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Do I Have an Infinite Supply of Enzymes? — an article on the Smart Living Network
April 5, 2010 at 4:31 PMComments: 0 Faves: 0

Do I Have an Infinite Supply of Enzymes?


Put simply, no, you do not have an infinite supply of enzymes. Enzymes are naturally produced by the body. However, the adequate production of these enzymes is critically dependent upon the presence of the necessary building blocks. These building blocks are the dietary nutrients that you consume on a daily basis, including minerals, vitamins, and essential amino acids.

Enzymes: What are they?

Put simply, enzymes are proteins. Proteins are composed of specific amino acid sequences. There are 20 amino acids within the human body, nine of which are essential, meaning the body can not naturally create these amino acids. Instead, essential amino acids must be consumed from the food we ingest. Enzymes are highly specific and the slightest changes to the amino acid code that creates this enzyme can efficiently alter the structure (shape) and overall function of the enzyme.

Enzymes: How do they work?

Enzymes are necessary for the completion of all metabolic processes within the human body. Enzymes are different from other proteins in the body, as they are biological catalysts. A catalyst is a substance that accelerates overall reaction rates. Enzymes accomplish this acceleration by lowering the activation energy of the reaction. All reactions have certain activation energy. This is the energy required for the reaction to occur. When an enzyme binds to a specific substrate, this activation energy is effectively lowered and the reaction can occur at faster rates. It is important to note that the enzyme does not change the actual reaction, but only changes the reaction environment. Hence, when the enzyme is not present, the activation energy returns to normal.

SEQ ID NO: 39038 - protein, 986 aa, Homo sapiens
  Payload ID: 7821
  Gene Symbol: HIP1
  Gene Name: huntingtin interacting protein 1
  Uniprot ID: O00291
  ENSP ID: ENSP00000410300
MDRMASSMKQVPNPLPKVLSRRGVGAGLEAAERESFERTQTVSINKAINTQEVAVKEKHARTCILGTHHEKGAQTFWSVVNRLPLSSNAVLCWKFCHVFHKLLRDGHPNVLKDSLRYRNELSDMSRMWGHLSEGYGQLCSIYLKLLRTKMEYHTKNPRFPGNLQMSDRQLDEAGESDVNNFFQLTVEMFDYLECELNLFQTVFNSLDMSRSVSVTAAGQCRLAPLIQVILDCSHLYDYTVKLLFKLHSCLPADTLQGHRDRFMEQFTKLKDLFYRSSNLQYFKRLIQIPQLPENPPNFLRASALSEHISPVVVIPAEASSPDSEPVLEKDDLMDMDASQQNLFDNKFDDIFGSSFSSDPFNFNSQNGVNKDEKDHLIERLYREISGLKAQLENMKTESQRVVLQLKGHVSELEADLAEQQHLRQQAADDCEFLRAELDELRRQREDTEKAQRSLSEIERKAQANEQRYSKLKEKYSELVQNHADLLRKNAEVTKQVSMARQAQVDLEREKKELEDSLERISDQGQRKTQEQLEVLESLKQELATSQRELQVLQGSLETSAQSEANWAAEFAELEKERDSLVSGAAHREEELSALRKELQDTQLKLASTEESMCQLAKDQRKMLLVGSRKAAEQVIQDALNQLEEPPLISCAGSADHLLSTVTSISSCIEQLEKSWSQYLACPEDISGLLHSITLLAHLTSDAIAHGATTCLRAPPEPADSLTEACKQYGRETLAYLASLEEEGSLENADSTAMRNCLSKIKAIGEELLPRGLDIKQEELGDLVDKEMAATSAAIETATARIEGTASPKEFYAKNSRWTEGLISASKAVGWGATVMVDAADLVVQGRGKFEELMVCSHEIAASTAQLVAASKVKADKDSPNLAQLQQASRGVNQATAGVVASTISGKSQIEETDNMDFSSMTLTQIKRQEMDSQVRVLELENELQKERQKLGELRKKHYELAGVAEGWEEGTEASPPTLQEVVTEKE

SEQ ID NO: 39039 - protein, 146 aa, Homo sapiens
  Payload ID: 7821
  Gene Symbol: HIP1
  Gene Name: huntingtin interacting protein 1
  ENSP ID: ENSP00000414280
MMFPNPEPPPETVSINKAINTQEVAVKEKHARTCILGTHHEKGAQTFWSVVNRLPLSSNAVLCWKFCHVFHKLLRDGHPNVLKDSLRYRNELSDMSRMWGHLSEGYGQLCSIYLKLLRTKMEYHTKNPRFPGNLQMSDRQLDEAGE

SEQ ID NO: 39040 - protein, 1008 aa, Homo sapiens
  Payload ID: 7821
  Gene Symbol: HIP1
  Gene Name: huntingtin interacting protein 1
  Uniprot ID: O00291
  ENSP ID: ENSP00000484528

Enzymes: How are they regulated?

As enzymes do not alter the reaction, they are not destroyed upon use. Instead, enzymes can be utilized many times before degradation of the enzyme occurs. Enzymes are regulated by inhibitors. These inhibitors effectively bind the enzyme rendering it incapable of binding its specific substrate to decrease the activation energy. There are also substances within the body known as activators. These activators enhance the overall activity of the enzyme when bound. Activity of enzymes can also be regulated by the body through chemical environment (namely pH), substrate concentration, and temperature.

Enzymes: How are they produced?

Enzymes are produced by the cells within the body. Each particular cell within the body is responsible for the production of specific enzymes. As enzymes are highly specific to the substrate they bind, the enzymes produced by the cell determine the actual series of chemical reactions (metabolic pathway) that is utilized.

Enzymes: Specificity

Enzymes are highly specific. This is often compared to the lock and key model. Each substrate is a lock, and each enzyme is a key. Keys must be specific as to the lock they open. However, there is no such thing as a universal key. Additionally, enzymes often require the presence of co-enzymes to complete their function. These co-enzymes are also highly specific. Enzymes are critical substances within the body for the regulation and maintenance of all metabolic functions within the body. There is no infinite supply of these enzymes. However, the body does naturally produce enzymes and you can actually ingest certain amounts of enzymes from the food you eat.


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